Rockets at a crossroads after loss to Utah Print
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Sunday, 06 May 2007 12:31
NBA Headline News

 HOUSTON (AP) -Hakeem Olajuwon cheered from a midcourt seat next to Houston owner Les Alexander during Game 7 of the Rockets' first-round series with the Utah Jazz.
Across the court, Clyde Drexler did color commentary for local television.
In between the two team icons from their past, the current Rockets fizzled in the playoffs again and the franchise reached another crossroads.
Houston lost to the Jazz 103-99 Saturday night and has now dropped six consecutive series since Olajuwon and Drexler's last postseason run, in 1997.
This one stings more than any of them, because this year it wasn't supposed to happen.
The Rockets went 52-30, and would've been even better if Yao Ming hadn't missed 32 games with a broken right leg. Tracy McGrady kept Houston afloat during Yao's absence, averaging 28 points and leading Houston to a 20-12 record.
McGrady may have played the best all-around season of his 10-year career, averaging 25 points, five rebounds and a career-high 6.5 assists.
But the seven-time All-Star dropped to 0-6 in playoff series despite scoring 29 points, dishing out 13 assists and grabbing five rebounds in Game 7.
The result will rekindle the doubts about whether McGrady and Yao will ever be able to carry this team - or any team - when it matters most.
``Maybe I could've done more,'' McGrady said. ``It didn't happen. I tried. I tried.''
Yao, a five-time All-Star selection, deserves as much blame as McGrady. He averaged 25 points and 10 rebounds in the series, but also committed 29 turnovers in the last five games. Utah won four of them.
``Whatever we hear, if it hurts, it hurts,'' Yao said of the scrutiny he and McGrady will face. ``There's no shortcut. You have to put your passion into the summer workouts and practice for next season. The only way to go through this is, if you get the next chance, don't let it pass.''
While Yao and McGrady will certainly return next season, the loss will likely lead to changes. And speculation is already swirling around coach Jeff Van Gundy.
The 45-year-old coach has turned down at least two offers by the Rockets to extend his contract beyond this season, but he denied a report in Sunday's New York Post that he was going to step down.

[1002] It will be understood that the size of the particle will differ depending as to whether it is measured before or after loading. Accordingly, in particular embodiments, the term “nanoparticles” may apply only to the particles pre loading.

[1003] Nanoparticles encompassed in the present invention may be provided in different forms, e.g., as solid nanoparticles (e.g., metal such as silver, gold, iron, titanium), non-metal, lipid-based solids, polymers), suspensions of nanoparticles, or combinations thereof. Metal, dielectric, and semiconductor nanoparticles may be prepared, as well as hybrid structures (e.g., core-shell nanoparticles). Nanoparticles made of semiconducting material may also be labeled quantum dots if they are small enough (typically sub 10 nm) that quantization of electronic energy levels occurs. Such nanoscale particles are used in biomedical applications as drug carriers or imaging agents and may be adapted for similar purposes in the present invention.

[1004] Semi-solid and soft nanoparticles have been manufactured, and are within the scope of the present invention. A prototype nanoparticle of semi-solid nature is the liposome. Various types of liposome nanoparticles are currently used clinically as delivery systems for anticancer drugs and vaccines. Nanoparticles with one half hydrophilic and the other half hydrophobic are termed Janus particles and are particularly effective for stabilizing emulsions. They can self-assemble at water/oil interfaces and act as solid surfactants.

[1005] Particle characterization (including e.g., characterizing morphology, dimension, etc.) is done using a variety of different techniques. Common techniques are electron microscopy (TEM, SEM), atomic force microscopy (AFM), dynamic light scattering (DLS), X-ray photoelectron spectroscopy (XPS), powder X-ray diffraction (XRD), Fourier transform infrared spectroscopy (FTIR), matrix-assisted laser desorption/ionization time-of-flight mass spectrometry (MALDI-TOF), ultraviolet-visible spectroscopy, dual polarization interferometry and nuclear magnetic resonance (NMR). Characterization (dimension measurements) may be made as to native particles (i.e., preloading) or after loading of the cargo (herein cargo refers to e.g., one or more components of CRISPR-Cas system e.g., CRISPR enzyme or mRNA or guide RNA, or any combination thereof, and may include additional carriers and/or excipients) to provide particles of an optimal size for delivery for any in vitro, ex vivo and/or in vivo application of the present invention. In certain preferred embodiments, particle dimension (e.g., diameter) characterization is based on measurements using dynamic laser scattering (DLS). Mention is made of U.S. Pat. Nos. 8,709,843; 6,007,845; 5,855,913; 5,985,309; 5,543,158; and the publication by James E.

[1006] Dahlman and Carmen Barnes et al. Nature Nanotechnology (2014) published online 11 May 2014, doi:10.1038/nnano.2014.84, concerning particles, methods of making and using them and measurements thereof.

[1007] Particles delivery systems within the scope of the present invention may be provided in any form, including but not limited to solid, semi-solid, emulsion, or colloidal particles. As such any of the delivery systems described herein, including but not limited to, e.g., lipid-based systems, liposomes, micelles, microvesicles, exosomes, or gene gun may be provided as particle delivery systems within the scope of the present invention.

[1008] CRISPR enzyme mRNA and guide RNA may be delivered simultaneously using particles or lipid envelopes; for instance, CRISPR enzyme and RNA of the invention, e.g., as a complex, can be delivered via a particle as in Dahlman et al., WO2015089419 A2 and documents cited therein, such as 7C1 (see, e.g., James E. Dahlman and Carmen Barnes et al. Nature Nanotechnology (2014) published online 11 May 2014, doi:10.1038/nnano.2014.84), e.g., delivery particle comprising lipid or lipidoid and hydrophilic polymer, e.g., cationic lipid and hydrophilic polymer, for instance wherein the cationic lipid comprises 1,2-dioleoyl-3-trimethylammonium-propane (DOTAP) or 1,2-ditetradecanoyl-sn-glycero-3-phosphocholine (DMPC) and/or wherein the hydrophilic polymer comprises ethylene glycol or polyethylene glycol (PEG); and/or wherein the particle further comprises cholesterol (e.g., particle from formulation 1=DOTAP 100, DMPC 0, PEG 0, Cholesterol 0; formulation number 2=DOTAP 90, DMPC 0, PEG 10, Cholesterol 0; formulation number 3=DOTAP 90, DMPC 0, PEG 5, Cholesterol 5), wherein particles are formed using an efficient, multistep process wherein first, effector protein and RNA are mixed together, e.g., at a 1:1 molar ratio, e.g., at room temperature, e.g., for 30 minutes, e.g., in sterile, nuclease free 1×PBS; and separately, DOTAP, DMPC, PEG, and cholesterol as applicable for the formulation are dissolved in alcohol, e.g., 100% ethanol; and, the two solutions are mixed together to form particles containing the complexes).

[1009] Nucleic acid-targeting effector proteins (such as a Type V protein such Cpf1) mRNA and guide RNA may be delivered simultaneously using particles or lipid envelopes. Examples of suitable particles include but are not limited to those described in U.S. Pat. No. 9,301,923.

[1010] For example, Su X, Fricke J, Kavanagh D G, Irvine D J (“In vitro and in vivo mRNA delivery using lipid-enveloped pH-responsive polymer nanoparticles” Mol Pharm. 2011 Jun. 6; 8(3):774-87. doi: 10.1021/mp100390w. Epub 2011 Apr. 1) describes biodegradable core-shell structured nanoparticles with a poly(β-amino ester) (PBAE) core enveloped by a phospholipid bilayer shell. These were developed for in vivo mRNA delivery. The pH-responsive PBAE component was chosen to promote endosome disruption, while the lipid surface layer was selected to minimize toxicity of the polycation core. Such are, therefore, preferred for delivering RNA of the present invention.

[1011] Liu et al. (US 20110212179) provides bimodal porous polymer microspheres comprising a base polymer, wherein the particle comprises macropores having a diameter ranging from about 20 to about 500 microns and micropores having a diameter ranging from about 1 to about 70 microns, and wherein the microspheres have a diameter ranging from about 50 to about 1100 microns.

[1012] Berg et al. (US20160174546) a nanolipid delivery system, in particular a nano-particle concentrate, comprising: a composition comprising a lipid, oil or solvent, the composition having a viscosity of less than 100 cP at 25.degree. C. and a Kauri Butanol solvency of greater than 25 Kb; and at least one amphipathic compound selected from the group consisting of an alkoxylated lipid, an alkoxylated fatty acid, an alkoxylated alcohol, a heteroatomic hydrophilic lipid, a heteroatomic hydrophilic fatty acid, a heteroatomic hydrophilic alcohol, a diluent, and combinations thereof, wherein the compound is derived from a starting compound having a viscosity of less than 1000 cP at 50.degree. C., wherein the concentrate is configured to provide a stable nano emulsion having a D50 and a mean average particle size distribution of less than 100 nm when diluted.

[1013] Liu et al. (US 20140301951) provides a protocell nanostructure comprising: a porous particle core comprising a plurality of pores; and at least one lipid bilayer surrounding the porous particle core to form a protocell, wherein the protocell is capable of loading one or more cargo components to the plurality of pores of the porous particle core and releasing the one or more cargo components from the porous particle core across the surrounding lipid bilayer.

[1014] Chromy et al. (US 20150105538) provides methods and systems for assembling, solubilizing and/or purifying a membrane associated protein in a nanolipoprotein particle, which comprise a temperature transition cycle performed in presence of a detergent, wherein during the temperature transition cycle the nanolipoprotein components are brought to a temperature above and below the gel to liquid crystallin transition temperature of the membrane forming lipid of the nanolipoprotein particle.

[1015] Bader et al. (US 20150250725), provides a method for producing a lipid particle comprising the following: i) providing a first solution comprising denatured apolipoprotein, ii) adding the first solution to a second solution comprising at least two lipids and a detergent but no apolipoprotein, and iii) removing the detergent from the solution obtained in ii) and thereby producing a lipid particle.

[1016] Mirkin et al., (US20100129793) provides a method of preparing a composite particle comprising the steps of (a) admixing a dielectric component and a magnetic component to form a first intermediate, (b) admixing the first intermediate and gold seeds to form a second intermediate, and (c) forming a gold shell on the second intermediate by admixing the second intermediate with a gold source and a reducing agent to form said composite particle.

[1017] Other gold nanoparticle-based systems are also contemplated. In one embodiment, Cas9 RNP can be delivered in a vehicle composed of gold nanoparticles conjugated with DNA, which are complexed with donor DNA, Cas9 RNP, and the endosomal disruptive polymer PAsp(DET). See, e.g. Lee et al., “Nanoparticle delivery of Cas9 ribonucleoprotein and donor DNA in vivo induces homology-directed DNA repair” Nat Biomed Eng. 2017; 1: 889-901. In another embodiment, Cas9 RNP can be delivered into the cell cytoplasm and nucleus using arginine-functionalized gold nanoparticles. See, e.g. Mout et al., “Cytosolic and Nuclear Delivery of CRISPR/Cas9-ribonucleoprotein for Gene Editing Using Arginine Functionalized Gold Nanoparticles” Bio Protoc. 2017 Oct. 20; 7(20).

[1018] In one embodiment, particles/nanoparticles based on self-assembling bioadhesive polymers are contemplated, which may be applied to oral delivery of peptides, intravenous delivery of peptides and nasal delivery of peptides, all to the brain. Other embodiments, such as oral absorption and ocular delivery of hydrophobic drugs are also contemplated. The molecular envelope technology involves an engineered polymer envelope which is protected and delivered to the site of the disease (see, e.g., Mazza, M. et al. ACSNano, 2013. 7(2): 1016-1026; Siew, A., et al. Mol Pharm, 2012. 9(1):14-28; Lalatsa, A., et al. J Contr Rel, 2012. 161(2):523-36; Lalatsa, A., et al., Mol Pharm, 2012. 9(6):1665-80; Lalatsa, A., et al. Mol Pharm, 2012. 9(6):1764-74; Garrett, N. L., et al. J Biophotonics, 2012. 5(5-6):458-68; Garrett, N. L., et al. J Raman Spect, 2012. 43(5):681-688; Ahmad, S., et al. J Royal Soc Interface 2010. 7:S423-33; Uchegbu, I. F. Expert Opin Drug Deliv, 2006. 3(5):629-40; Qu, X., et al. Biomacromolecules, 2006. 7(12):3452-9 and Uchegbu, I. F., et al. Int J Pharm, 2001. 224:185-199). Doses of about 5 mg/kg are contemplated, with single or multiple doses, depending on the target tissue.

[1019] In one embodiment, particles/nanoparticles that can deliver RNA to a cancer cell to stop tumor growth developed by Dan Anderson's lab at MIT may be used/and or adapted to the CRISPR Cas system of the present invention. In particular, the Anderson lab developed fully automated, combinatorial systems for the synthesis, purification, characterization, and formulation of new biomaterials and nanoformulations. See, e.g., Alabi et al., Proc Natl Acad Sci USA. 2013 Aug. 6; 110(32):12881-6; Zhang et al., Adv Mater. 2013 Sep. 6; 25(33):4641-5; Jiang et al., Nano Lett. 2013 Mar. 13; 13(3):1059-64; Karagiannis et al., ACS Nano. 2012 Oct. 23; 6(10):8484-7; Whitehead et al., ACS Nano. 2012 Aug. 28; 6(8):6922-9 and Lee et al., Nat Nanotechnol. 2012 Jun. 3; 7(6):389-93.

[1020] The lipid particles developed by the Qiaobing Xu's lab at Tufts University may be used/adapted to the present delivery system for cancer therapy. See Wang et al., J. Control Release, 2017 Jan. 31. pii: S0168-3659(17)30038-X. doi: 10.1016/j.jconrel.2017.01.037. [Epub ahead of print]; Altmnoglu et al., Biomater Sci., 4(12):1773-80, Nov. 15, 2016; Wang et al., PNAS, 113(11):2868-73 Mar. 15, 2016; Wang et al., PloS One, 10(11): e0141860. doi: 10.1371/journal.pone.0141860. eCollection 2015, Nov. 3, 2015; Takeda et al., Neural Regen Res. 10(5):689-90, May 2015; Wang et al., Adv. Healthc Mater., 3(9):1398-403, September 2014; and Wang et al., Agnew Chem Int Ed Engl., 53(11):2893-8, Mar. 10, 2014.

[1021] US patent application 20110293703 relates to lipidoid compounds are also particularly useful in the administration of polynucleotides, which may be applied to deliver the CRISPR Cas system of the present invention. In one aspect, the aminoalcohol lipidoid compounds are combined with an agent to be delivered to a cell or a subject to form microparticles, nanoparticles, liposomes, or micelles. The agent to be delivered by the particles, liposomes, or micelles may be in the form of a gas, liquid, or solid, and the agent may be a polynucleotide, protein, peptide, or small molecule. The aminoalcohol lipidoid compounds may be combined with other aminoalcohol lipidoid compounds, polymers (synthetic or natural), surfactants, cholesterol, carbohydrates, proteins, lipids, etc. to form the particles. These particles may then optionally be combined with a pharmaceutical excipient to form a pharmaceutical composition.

``All that stuff next year is for another time,'' he said after Game 7. ``Tonight is about obviously a hugely disappointing result.''
A Rockets spokesman said Sunday that Van Gundy ``strongly denies'' the report and wasn't aware where it came from.
The Rockets went 34-48 in 2005-06, then made some offseason moves that had even the ever-cynical Van Gundy feeling optimistic.
Houston picked up versatile forward Shane Battier in a trade with Memphis and also signed free agent Bonzi Wells.
Battier instantly became a Van Gundy favorite for his work ethic, grasp of the game and his willingness to guard every opponent's best scorer.
Wells didn't turn out so well. He was injury-prone from the start, predictably clashed with Van Gundy and was finally deactivated for the end of his unproductive season.
Other recent additions also blossomed.
Chuck Hayes, signed out of the NBA Development League in 2006, made up for lack of size with toughness that carried over from his days at Kentucky. The 6-foot-6 Hayes was the team's third-leading rebounder against Utah and took a late charge to clinch the Rockets' victory in Game 5.
Second-year guard Luther Head also contributed, hitting several clutch shots and leading the team in 3-point accuracy during the regular season (44 percent).
The imminent decisions will probably start with point guard Rafer Alston, who was outplayed in the series by Utah's Deron Williams. Alston shot 34 percent from the field in the playoffs and had 11 points on 3-for-11 shooting in Game 7.
Juwan Howard just finished his 13th season and has one year left on his contract. He had productive stretches off the bench this season, but a better complement to Yao and McGrady would be a more athletic, physical inside presence.
The Rockets might also be looking for a new backup to Yao because Dikembe Mutombo is pondering retirement again.
The 40-year-old Mutombo was surprisingly durable and effective after Yao's injury in December, averaging almost 30 minutes in the 32 games. But he played only 40 total minutes in the playoffs and was frustrated after Game 7.
``I need to get away and think about it,'' said Mutombo, who is second on the NBA's career shot block list. ``I think, right now, I'm disappointed. I'm mad. I don't know how to respond.''
This summer, Mutombo will finally open the hospital in Africa that he's spent more than a decade trying to build.
``There are a lot of things I want to do in my life,'' he said. ``I have to make my decision on if I still want to play basketball.''
The Rockets have a team meeting scheduled for Monday.
``Our guys had a tremendous regular season,'' Van Gundy said. ``They're a great group. We didn't play as well as we would've hoped in the postseason.''
 

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